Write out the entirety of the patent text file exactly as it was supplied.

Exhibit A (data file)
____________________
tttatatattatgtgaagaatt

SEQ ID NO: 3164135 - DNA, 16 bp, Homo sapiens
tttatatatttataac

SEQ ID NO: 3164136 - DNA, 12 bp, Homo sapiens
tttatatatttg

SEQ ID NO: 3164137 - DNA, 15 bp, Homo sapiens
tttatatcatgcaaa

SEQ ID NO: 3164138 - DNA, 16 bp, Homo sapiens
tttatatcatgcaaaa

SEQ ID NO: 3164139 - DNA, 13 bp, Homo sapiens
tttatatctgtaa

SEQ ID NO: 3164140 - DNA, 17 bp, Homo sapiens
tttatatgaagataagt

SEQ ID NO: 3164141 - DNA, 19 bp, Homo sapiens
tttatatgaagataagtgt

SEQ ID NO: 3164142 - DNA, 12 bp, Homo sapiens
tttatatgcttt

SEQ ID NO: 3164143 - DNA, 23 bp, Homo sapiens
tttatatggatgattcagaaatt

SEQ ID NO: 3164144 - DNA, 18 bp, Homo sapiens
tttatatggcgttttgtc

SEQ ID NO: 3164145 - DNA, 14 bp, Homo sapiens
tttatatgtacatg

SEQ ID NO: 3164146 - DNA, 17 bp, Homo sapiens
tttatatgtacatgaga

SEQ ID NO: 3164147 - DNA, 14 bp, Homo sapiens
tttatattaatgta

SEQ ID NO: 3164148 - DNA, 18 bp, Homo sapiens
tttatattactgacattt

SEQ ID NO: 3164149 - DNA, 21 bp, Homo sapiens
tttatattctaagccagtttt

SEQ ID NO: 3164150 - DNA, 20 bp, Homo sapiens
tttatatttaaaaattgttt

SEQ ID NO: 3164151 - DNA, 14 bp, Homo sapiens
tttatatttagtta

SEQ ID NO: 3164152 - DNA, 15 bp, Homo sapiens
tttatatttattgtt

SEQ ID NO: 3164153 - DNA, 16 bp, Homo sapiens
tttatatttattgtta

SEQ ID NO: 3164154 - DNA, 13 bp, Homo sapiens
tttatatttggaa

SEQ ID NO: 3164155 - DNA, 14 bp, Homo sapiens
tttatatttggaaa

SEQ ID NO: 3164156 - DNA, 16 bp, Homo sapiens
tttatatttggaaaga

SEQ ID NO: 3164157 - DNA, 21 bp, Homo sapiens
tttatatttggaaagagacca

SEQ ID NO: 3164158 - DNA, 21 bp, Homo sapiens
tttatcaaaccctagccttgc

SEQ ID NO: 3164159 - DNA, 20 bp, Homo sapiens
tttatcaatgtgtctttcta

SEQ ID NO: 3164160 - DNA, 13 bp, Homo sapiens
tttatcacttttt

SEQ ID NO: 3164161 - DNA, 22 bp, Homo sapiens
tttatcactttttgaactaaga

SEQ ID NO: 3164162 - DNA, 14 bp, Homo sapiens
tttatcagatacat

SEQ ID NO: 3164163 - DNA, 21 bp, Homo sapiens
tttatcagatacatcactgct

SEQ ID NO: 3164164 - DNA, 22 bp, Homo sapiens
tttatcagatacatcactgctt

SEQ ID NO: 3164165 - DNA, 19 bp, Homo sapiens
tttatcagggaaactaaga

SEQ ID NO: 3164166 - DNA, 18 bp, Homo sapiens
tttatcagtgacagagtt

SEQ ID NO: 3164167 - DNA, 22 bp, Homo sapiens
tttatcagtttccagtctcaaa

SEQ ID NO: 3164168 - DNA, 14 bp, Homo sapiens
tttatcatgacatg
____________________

tttatatattatgtgaagaatt

SEQ ID NO: 3164135 - DNA, 16 bp, Homo sapiens
tttatatatttataac

SEQ ID NO: 3164136 - DNA, 12 bp, Homo sapiens
tttatatatttg

SEQ ID NO: 3164137 - DNA, 15 bp, Homo sapiens
tttatatcatgcaaa

SEQ ID NO: 3164138 - DNA, 16 bp, Homo sapiens
tttatatcatgcaaaa

SEQ ID NO: 3164139 - DNA, 13 bp, Homo sapiens
tttatatctgtaa

SEQ ID NO: 3164140 - DNA, 17 bp, Homo sapiens
tttatatgaagataagt

SEQ ID NO: 3164141 - DNA, 19 bp, Homo sapiens
tttatatgaagataagtgt

SEQ ID NO: 3164142 - DNA, 12 bp, Homo sapiens
tttatatgcttt

SEQ ID NO: 3164143 - DNA, 23 bp, Homo sapiens
tttatatggatgattcagaaatt

SEQ ID NO: 3164144 - DNA, 18 bp, Homo sapiens
tttatatggcgttttgtc

SEQ ID NO: 3164145 - DNA, 14 bp, Homo sapiens
tttatatgtacatg

SEQ ID NO: 3164146 - DNA, 17 bp, Homo sapiens
tttatatgtacatgaga

SEQ ID NO: 3164147 - DNA, 14 bp, Homo sapiens
tttatattaatgta

SEQ ID NO: 3164148 - DNA, 18 bp, Homo sapiens
tttatattactgacattt

SEQ ID NO: 3164149 - DNA, 21 bp, Homo sapiens
tttatattctaagccagtttt

SEQ ID NO: 3164150 - DNA, 20 bp, Homo sapiens
tttatatttaaaaattgttt

SEQ ID NO: 3164151 - DNA, 14 bp, Homo sapiens
tttatatttagtta

SEQ ID NO: 3164152 - DNA, 15 bp, Homo sapiens
tttatatttattgtt

SEQ ID NO: 3164153 - DNA, 16 bp, Homo sapiens
tttatatttattgtta

SEQ ID NO: 3164154 - DNA, 13 bp, Homo sapiens
tttatatttggaa

SEQ ID NO: 3164155 - DNA, 14 bp, Homo sapiens
tttatatttggaaa

SEQ ID NO: 3164156 - DNA, 16 bp, Homo sapiens
tttatatttggaaaga

SEQ ID NO: 3164157 - DNA, 21 bp, Homo sapiens
tttatatttggaaagagacca

SEQ ID NO: 3164158 - DNA, 21 bp, Homo sapiens
tttatcaaaccctagccttgc

SEQ ID NO: 3164159 - DNA, 20 bp, Homo sapiens
tttatcaatgtgtctttcta

SEQ ID NO: 3164160 - DNA, 13 bp, Homo sapiens
tttatcacttttt

SEQ ID NO: 3164161 - DNA, 22 bp, Homo sapiens
tttatcactttttgaactaaga

SEQ ID NO: 3164162 - DNA, 14 bp, Homo sapiens
tttatcagatacat

SEQ ID NO: 3164163 - DNA, 21 bp, Homo sapiens
tttatcagatacatcactgct

SEQ ID NO: 3164164 - DNA, 22 bp, Homo sapiens
tttatcagatacatcactgctt

SEQ ID NO: 3164165 - DNA, 19 bp, Homo sapiens
tttatcagggaaactaaga

SEQ ID NO: 3164166 - DNA, 18 bp, Homo sapiens
tttatcagtgacagagtt

SEQ ID NO: 3164167 - DNA, 22 bp, Homo sapiens
tttatcagtttccagtctcaaa

SEQ ID NO: 3164168 - DNA, 14 bp, Homo sapiens
tttatcatgacatg